POSEIDON’S WAKE by Alastair Reynolds

Alastair Reynolds, Poseidon’s Wake. Gollancz, 2015. Copy courtesy of the publisher.

Third in trilogy. I haven’t read the first two, so walking in to this was a lot like coming in to a play in the middle of the second act – but it stands as a complete thing in its own right very well. Reynolds has improved greatly since the last time I read one of his novels (which would be going on eight years ago by now, so that’s unsurprising), or this novel is working with material which I’m a lot more primed to like. I was surprised by how much I enjoyed it. Multiple different machine intelligences, scientific journeys of discovery, sentient intelligent elephants, excellently interesting characters.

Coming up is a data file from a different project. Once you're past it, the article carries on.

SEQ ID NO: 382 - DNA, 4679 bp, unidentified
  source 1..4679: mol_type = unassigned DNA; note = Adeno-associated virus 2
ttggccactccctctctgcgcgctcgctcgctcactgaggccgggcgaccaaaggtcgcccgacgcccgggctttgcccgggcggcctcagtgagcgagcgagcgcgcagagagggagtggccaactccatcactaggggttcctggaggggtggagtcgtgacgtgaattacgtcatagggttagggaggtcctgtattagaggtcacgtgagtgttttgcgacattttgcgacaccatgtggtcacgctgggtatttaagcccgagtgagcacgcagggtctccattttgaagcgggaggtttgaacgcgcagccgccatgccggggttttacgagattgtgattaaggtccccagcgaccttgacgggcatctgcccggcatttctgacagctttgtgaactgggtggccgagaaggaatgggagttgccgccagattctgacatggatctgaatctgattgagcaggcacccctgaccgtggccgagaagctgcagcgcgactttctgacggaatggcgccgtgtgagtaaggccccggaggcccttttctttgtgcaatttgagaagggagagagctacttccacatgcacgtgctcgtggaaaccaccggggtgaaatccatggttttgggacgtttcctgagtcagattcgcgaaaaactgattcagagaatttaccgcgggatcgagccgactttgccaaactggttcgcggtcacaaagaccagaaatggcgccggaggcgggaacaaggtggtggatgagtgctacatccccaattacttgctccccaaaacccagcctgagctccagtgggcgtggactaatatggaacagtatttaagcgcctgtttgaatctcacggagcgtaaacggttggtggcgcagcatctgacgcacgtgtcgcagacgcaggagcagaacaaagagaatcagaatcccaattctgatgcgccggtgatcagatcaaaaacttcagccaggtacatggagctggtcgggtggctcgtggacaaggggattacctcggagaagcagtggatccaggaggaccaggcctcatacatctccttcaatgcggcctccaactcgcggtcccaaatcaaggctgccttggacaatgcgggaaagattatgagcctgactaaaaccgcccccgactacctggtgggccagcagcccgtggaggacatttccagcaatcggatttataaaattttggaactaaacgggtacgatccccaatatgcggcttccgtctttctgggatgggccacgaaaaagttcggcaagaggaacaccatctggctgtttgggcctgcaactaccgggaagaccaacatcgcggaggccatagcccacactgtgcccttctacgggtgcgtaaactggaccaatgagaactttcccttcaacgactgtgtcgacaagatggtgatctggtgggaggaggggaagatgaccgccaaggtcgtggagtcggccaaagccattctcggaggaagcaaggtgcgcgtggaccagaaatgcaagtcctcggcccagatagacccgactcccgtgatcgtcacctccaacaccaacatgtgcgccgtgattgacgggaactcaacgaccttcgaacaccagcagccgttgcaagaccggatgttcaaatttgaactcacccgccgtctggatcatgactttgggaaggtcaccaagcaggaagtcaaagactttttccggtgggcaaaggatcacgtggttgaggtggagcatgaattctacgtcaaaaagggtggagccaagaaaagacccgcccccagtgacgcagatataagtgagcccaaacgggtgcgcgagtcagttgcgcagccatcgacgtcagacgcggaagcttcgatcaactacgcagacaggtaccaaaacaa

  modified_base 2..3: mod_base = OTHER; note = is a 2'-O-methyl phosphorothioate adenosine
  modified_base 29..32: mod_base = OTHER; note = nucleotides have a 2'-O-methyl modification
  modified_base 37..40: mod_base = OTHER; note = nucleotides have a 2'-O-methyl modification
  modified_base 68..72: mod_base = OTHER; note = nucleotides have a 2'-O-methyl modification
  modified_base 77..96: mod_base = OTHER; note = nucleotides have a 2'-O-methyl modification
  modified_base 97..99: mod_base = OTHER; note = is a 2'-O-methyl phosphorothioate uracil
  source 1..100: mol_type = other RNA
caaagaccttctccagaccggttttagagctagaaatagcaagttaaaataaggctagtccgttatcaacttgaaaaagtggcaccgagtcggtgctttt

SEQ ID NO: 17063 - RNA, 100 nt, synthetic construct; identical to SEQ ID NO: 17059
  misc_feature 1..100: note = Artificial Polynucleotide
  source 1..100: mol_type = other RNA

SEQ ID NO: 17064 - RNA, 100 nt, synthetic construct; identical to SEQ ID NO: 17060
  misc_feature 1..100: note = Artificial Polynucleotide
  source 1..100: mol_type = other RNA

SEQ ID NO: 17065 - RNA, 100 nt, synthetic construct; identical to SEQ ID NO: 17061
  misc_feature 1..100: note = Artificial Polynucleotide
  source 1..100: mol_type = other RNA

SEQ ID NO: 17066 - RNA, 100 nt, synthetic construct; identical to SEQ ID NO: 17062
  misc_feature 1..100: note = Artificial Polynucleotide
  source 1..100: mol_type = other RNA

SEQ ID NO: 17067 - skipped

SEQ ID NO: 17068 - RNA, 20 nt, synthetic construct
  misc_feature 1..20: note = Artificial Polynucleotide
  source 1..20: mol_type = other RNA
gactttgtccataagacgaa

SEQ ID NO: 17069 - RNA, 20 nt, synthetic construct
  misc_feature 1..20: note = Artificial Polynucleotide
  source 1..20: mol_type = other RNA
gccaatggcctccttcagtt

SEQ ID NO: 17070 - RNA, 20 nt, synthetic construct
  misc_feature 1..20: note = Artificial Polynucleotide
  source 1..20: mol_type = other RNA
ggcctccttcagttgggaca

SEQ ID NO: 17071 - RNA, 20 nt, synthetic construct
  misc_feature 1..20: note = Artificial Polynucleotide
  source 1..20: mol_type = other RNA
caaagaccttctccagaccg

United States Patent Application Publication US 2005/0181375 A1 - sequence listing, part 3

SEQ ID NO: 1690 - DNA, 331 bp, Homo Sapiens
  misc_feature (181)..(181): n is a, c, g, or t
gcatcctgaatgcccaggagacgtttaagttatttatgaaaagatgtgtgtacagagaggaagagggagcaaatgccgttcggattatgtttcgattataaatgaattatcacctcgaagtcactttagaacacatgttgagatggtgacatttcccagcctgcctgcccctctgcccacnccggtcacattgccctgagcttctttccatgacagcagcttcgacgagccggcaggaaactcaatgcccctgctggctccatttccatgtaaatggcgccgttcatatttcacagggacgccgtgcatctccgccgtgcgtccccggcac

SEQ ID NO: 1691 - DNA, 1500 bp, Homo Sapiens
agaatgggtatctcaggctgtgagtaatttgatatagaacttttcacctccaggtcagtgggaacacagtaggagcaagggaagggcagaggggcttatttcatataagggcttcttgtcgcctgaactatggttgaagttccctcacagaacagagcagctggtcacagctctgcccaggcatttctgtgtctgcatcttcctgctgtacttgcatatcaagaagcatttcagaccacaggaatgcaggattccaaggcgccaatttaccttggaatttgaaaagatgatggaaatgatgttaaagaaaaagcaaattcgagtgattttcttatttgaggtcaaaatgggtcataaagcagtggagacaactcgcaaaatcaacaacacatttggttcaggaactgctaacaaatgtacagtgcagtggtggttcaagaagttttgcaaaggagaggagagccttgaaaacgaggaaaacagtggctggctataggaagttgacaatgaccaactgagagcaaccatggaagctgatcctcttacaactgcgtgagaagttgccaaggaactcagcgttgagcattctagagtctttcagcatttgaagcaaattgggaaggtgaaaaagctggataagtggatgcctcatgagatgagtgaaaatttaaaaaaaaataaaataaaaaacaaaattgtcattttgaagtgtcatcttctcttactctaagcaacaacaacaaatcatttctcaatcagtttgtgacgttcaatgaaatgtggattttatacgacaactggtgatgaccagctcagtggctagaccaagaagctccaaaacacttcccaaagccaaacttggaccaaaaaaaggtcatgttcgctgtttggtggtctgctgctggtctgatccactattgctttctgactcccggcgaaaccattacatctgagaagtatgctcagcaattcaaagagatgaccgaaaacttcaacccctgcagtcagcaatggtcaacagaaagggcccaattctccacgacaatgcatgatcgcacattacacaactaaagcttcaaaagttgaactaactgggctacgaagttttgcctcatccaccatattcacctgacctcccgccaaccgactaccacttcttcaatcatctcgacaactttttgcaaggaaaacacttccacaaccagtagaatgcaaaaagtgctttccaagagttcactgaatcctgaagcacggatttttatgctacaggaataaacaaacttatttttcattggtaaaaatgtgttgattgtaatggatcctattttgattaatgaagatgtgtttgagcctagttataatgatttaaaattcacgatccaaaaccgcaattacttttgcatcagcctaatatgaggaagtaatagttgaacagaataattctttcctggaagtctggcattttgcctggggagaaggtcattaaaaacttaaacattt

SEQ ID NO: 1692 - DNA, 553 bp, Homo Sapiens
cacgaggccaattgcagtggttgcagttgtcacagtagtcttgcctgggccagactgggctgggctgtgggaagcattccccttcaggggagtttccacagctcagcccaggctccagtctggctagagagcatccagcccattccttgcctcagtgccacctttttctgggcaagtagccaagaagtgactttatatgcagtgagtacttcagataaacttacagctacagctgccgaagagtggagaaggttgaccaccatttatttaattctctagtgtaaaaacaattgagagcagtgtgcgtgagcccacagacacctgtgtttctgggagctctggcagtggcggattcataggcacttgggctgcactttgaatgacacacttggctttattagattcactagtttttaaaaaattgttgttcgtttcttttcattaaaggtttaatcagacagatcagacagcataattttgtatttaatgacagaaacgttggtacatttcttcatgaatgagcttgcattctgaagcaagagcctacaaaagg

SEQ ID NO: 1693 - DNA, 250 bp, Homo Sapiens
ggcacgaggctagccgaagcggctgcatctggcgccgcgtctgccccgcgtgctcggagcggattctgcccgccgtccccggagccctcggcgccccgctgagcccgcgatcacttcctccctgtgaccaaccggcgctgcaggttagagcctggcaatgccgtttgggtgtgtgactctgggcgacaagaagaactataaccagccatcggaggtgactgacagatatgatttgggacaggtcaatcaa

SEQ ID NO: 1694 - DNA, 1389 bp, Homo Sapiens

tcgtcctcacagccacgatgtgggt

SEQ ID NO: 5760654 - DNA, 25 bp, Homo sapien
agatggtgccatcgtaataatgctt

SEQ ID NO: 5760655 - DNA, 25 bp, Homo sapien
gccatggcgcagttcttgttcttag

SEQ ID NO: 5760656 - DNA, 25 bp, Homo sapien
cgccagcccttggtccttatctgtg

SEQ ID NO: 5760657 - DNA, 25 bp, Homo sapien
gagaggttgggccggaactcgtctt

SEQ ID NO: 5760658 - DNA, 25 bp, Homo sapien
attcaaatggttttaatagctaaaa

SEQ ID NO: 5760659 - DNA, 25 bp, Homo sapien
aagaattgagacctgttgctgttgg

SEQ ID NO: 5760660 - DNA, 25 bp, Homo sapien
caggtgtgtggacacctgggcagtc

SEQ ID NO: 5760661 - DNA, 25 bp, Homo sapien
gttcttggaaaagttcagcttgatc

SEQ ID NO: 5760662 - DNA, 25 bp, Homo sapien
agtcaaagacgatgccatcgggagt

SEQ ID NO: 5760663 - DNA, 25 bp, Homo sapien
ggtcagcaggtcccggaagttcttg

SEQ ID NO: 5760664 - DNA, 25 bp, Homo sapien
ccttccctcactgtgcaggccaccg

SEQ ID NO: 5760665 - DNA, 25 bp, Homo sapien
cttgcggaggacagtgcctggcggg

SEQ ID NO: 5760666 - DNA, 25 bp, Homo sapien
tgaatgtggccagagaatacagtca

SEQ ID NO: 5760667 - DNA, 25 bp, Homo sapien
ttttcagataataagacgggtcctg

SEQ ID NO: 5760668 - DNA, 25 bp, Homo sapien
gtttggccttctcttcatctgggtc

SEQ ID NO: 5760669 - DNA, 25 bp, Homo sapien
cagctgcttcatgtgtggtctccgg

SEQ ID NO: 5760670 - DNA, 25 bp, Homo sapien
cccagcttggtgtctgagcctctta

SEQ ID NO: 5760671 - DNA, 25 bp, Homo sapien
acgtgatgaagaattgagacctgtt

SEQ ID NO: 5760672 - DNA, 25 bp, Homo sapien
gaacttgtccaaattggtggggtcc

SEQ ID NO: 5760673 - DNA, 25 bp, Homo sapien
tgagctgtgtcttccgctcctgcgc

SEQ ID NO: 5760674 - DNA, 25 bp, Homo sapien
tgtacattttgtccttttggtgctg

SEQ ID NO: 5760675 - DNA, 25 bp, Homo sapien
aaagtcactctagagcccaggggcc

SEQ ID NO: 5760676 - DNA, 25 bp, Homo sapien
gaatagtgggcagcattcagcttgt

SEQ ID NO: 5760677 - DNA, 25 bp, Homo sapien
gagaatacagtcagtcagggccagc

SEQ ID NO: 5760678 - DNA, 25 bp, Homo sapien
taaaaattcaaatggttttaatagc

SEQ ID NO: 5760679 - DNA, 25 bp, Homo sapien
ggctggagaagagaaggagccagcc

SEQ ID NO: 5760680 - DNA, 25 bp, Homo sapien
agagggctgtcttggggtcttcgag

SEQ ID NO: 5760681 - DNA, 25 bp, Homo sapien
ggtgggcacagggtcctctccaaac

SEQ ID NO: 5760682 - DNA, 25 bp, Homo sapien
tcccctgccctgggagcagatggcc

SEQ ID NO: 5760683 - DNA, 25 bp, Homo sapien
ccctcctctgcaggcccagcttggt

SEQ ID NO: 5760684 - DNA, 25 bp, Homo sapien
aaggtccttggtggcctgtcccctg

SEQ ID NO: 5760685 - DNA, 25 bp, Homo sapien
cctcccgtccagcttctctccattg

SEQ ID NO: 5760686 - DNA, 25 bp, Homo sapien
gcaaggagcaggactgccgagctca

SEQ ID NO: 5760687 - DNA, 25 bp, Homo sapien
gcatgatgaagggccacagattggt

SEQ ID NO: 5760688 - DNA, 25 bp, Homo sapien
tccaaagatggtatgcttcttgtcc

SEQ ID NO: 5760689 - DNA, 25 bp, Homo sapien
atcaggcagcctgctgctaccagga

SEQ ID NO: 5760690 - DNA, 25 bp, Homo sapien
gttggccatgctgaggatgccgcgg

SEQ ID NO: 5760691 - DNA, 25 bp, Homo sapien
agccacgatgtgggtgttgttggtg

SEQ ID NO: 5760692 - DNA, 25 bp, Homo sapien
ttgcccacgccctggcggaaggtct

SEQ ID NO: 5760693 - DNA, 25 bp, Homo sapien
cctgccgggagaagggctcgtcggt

“The Terror,” which shows up towards the end as an alien intelligence’s protective mechanism to turn other people away from the record of their reaction to the knowledge that the universe will ultimately destroy itself… Well, it’s described in terms that mirror my periods of depression almost exactly. You mean there are people who don’t live with the knowledge that everything is doomed to annihilation and futility, and posterity is a myth and a lie? (Most of the time, I find the point in life is to be kind to other sentient beings and to do as little harm – and have as much fun – as possible, because kindness and being as good a person as possible are things that are worthwhile for their own sake, for the now that we have.) So I’m not sure the conclusion is as profound as it seems to think it’s reaching for.

But, you know. It’s a good book. I might have to read the first books in the trilogy now.